You will then be asked to join a queue for the bus. We read that the queues around the park might get really long, and that you might need to wait for hours at a time, however in our case, we got on the bus almost immediately. The bus ascends to the Glacier Park Cable Car terminal and, as it does, you will feel the air immediately getting colder.
Once you arrive at the terminal, you will need to join another queue for the cable car. Again, we did not have to wait too long, so we were hoping that Glacier Park might be relatively empty, with some great photo opportunities, but…. wrong we were! The park was absolutely packed with people taking every kind of selfie imaginable! Well of course, with all the photo opportunities available, this was to be expected, but there were people queuing and pushing at every almost every part of fence of the viewing platform. I shudder to think what the park is like when the queues are hours long!
One temperature display showed 6°C, but we’re pretty sure that it was much colder than that, close to freezing probably. Many people seemed to be affected by the altitude, and the oxygen canisters seemed to be very handy at this point. If you haven’t brought any, you can buy some on the mountain but we noticed that they cost about five times as much as they did in Lijiang town.
Once you’ve gone round the viewing platform, you can walk up the many stairs all the way up to the highest point at 4680m. You need to be careful when doing this, as at that altitude it is more difficult than it seems. Half of the people attempting this turned back at one point or another.
Nikki turned around pretty quickly despite indulging in his canned oxygen continuously as though it were chocolate cake! I moved on, but had to turn around when I was almost at the top since I started to feel dizzy and surprisingly very hot and sweaty.
Fearing a fainting episode among the hordes of people climbing up (I had already fainted just a few days before on a Kunming train but luckily Nikki was there to help me that time), I felt that I had no choice but to make my way down. To be honest, climbing to the top seemed to be more about the challenge than about any spectacular views, so we don’t feel that we missed out too much by not making it to the very top.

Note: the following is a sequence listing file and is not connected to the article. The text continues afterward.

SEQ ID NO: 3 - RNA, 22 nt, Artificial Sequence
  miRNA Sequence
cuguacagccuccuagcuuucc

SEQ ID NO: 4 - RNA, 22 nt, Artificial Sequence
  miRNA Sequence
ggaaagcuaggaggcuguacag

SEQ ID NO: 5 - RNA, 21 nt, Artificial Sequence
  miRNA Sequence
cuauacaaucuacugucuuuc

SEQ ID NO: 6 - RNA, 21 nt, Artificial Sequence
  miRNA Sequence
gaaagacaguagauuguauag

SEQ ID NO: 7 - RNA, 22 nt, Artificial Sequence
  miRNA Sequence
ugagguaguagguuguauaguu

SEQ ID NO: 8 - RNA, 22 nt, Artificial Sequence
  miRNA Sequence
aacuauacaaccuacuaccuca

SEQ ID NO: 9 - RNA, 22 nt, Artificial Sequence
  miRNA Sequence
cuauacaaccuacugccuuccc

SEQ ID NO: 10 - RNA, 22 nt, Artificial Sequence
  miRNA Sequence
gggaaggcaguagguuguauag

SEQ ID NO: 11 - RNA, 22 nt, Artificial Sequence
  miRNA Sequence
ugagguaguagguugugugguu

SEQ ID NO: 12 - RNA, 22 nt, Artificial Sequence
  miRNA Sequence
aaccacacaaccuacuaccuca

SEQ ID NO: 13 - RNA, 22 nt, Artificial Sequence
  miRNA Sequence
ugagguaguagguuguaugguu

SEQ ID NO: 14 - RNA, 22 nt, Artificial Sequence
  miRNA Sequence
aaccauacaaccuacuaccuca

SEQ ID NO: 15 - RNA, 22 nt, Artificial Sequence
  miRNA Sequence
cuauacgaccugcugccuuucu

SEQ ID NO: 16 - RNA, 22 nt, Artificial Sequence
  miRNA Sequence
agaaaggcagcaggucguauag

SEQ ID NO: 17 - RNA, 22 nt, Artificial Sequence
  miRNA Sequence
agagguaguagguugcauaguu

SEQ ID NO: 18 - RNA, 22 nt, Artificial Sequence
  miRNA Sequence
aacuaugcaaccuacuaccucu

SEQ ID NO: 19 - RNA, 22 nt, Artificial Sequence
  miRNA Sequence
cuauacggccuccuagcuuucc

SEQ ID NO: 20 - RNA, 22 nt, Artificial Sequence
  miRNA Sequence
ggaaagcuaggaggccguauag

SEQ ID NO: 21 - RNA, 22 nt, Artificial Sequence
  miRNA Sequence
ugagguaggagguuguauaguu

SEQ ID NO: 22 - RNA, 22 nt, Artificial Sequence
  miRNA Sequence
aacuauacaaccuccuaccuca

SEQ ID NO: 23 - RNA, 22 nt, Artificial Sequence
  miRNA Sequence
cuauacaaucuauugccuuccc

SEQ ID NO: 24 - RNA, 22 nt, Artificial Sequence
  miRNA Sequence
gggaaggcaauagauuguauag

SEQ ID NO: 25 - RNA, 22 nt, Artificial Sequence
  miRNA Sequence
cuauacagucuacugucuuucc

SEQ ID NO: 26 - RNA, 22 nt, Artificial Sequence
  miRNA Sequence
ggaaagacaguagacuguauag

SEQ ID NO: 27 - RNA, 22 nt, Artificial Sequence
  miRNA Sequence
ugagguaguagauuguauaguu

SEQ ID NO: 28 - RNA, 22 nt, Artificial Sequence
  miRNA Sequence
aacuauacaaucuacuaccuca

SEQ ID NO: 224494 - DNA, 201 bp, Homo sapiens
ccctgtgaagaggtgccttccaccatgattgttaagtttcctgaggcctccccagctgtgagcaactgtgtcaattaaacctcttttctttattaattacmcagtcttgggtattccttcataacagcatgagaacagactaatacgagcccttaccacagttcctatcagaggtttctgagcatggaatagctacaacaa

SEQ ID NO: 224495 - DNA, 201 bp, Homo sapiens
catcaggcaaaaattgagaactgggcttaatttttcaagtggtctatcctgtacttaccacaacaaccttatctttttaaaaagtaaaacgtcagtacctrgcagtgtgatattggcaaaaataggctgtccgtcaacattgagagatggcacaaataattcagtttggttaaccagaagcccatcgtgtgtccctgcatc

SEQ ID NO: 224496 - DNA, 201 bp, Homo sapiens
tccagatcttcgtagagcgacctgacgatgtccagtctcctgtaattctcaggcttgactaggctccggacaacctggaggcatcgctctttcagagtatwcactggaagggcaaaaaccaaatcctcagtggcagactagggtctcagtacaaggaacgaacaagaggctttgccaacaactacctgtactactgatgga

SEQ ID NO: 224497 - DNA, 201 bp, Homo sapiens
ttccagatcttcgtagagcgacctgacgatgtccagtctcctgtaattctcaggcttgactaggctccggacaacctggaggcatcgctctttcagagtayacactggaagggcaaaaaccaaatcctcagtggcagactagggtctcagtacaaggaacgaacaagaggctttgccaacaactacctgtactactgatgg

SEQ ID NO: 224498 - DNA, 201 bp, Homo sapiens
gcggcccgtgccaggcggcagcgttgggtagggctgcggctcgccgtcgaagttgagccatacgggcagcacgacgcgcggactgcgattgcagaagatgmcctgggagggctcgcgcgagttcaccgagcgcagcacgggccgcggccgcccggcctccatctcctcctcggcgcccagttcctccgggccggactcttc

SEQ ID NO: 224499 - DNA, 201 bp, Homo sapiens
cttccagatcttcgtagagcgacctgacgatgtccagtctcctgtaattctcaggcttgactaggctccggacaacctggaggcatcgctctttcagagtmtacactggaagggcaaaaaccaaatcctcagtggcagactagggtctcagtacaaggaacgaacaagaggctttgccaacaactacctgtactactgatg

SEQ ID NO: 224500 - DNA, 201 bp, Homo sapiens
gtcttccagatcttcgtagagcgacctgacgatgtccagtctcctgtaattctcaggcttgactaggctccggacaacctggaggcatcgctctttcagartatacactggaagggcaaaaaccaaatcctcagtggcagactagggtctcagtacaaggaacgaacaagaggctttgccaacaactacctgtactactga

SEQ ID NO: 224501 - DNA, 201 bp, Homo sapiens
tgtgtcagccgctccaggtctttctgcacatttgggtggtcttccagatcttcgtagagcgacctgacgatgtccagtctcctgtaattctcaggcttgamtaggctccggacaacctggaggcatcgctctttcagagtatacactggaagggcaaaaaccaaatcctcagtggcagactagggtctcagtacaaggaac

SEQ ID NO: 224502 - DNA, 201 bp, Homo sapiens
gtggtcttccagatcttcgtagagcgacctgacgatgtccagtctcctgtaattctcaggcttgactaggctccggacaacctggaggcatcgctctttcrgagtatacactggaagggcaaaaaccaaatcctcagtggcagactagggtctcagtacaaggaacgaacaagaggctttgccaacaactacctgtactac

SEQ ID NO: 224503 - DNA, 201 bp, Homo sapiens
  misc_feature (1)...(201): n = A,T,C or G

After a few other photos and selfies, we decided to head back down to the terminal. This time, we waited about 30 minutes before we could get on a descending cable car.
Visiting Blue Moon Valley
The entrance ticket to the Jade Dragon Snow Mountains allows access to Blue Moon Valley. Once we got off the cable car, we immediately joined another bunch of people queued up underneath a Blue Moon Valley sign and got onto another bus which stopped us at yet another terminal. Here, people were buying tickets for an electric cart which would take them down to the Valley. Strangely enough, there were three llamas (maybe alpacas?) standing in a little field close by, observing everybody curiously.
We had actually passed by the valley with the bus and knew that it was pretty close, so we decided to walk back from where we came from by bus, and down a path leading to the valley. The walk was not longer than 10 minutes, but nobody seemed to be aware that you could actually walk down.
The confusion and sheer amount of people at the Blue Moon Valley was annoying, to say the least. The banks of the river were filled with huge groups battling their way with selfie sticks, making it hard to see any of the (gorgeous) scenery behind the groups. Luckily we could enjoy some views and snap a couple of pictures ourselves after waking a few metres downstream; everybody else seemed to be collected right at the entrance.